A recent study found that discrimination against the unemployed is a prevalent occurrence in online job ad postings. The study examined the job ads on four major Internet job sites: CareerBuilder.com, Indeed.com, Monster.com and Craigslist.com. According to the Sun Sentinel, the study found more than 150 job ads where the employer specifically said that being currently employed was a requirement for the position.
The Equal Employment Opportunity Commission (EEOC) is currently investigating whether employers and recruiters are discriminating against unemployed job applicants and, if so, whether it is an illegal practice. According to The Wall Street Journal, the EEOC has been receiving reports of job ads that say that currently unemployed people need not apply as they will not be considered.
According to The Associated Press, former employees of the closed Nummi auto plant filed a lawsuit against the factory and Toyota on Wednesday in U.S. District Court in Oakland, California. The employees say the Fremont-based company discriminated against them because they were on disability at the time of the factory's closure and, for that reason, were compensated less in their severance packages.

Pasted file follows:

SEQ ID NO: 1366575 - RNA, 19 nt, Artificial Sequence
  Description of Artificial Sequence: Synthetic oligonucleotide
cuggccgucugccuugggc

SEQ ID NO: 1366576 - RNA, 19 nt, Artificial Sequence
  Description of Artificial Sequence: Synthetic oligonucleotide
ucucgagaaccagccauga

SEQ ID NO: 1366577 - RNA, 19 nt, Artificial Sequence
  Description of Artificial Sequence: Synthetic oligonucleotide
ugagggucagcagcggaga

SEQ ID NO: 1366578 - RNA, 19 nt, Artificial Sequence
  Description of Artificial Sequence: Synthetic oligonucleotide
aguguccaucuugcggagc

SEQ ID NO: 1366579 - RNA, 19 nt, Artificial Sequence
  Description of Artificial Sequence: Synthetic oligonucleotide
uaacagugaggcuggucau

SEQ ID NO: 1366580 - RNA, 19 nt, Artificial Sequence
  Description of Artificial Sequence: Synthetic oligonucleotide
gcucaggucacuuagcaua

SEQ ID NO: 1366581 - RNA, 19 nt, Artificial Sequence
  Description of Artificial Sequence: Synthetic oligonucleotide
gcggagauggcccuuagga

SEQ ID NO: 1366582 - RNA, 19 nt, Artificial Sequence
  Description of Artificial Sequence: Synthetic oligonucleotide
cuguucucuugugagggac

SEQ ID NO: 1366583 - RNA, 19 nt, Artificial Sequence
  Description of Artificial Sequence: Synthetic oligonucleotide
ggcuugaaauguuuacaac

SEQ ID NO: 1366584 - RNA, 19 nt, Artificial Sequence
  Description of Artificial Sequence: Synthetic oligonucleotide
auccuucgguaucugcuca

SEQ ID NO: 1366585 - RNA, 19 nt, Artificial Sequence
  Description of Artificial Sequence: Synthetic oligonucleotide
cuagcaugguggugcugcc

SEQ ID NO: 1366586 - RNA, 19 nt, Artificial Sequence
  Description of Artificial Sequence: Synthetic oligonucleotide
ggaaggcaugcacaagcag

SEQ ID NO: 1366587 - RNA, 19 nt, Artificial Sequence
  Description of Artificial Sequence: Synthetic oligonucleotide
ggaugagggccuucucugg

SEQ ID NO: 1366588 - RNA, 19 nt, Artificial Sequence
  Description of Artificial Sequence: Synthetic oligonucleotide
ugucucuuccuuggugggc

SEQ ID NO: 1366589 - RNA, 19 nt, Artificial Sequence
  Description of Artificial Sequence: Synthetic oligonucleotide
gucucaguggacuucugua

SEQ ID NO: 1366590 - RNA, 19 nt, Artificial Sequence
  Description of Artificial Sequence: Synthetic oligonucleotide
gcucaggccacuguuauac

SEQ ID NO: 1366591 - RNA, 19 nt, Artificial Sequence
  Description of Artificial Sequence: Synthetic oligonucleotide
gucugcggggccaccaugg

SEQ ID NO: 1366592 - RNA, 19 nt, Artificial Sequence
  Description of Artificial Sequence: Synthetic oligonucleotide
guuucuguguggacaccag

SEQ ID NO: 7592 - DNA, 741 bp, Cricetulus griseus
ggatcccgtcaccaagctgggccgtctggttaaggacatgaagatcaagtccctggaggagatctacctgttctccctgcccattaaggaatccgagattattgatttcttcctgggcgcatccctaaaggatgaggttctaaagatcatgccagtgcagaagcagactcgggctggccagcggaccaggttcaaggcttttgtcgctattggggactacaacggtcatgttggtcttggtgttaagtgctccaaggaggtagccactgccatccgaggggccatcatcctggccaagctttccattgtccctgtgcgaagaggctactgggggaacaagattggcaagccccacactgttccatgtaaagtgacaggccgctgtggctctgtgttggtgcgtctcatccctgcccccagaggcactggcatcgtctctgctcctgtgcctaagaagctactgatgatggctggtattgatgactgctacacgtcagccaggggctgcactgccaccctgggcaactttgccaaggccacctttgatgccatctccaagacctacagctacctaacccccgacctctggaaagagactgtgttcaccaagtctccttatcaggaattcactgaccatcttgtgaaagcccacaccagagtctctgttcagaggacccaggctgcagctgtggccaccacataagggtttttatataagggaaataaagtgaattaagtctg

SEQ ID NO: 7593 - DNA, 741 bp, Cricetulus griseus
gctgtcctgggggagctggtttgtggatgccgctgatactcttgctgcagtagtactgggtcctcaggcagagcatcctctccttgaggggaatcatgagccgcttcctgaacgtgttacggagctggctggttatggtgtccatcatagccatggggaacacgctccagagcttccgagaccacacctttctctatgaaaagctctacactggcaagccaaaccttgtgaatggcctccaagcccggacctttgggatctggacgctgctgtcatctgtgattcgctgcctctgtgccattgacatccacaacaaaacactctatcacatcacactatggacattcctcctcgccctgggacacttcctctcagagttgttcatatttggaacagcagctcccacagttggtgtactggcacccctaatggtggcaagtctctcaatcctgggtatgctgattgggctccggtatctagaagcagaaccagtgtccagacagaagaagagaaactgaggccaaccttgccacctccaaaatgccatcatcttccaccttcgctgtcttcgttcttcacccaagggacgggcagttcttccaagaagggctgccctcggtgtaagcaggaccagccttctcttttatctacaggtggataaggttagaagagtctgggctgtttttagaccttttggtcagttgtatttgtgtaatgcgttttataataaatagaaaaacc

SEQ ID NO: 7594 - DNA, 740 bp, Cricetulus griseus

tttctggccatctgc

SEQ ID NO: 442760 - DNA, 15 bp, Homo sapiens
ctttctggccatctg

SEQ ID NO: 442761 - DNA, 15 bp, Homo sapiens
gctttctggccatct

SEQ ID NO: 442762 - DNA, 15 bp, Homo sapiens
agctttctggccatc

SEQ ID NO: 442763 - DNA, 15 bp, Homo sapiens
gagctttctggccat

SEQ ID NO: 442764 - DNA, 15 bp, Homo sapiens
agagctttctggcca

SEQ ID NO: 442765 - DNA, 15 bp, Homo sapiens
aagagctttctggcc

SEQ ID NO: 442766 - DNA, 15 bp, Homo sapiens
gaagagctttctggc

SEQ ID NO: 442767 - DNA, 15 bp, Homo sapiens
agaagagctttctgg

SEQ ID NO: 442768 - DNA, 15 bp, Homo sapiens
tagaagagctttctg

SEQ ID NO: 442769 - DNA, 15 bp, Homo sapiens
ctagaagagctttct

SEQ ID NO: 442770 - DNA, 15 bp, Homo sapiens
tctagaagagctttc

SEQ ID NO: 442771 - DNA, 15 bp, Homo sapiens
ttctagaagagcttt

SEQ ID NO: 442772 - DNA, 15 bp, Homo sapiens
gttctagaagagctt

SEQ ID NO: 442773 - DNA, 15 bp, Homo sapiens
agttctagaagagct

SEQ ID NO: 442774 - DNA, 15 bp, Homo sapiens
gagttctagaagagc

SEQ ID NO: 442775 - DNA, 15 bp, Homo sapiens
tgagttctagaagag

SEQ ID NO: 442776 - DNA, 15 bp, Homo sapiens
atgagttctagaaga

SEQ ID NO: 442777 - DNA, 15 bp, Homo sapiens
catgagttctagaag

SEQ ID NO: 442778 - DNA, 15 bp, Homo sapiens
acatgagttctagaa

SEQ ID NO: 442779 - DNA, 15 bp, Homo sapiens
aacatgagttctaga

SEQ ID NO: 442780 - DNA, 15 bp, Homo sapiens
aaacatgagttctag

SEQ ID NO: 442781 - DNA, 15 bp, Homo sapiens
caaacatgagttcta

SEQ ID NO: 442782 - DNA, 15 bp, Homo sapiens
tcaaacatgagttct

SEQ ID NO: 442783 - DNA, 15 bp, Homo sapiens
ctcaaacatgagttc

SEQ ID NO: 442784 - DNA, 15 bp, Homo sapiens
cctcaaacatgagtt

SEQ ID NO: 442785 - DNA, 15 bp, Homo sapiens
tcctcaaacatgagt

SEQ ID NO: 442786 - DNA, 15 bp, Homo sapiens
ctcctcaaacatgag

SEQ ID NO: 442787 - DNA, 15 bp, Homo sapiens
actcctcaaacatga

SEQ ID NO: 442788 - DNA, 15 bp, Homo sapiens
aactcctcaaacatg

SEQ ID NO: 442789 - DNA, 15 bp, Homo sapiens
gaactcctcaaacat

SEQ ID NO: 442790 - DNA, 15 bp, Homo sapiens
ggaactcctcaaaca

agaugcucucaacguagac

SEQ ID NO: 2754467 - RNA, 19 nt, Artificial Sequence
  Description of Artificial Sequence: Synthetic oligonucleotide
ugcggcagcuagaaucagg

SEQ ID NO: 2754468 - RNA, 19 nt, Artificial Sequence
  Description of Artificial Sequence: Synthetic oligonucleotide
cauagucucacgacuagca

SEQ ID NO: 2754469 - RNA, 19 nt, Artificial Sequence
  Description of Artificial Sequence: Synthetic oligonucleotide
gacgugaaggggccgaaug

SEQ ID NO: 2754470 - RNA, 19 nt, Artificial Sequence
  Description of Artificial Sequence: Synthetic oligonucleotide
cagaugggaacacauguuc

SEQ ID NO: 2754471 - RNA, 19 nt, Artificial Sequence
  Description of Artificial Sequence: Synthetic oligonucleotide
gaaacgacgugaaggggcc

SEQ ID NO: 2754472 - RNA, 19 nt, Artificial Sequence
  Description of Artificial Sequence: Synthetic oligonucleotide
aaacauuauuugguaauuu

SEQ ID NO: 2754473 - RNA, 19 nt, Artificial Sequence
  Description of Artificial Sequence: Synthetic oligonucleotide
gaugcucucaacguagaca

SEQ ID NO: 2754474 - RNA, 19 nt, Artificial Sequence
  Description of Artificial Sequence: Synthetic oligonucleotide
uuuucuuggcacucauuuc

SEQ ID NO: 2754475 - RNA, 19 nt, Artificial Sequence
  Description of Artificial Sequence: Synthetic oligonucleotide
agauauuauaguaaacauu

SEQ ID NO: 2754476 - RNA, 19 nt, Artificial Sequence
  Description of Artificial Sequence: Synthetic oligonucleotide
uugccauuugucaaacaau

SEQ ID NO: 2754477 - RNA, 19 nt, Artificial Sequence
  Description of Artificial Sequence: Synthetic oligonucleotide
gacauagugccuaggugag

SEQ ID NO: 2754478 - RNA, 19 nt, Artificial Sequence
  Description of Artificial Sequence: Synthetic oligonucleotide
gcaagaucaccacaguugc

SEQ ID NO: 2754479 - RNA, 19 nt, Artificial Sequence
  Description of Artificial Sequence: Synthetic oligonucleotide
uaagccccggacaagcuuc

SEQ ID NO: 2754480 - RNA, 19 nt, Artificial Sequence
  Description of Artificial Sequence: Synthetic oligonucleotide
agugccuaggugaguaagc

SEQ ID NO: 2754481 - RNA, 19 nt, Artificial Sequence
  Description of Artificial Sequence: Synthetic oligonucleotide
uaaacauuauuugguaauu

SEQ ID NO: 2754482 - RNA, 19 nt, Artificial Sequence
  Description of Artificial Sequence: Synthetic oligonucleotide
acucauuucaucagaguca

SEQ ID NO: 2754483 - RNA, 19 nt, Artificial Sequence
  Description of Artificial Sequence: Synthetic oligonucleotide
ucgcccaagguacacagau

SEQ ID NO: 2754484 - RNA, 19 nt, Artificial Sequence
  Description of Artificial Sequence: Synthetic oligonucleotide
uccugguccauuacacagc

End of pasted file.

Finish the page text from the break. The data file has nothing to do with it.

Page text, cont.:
As if it wasn't hard enough to find a job in this economy, The Huffington Post is reporting that some companies are ignoring all applications by currently unemployed candidates. The HuffPost found several job opening advertisements across the Web that all came with the notice that the unemployed needn't bother to apply. One posting, on The People Place, a recruiting Web site, posted a job for an engineer with a notice on the bottom that reads, "Client will not consider/review anyone NOT currently employed regardless of the reason."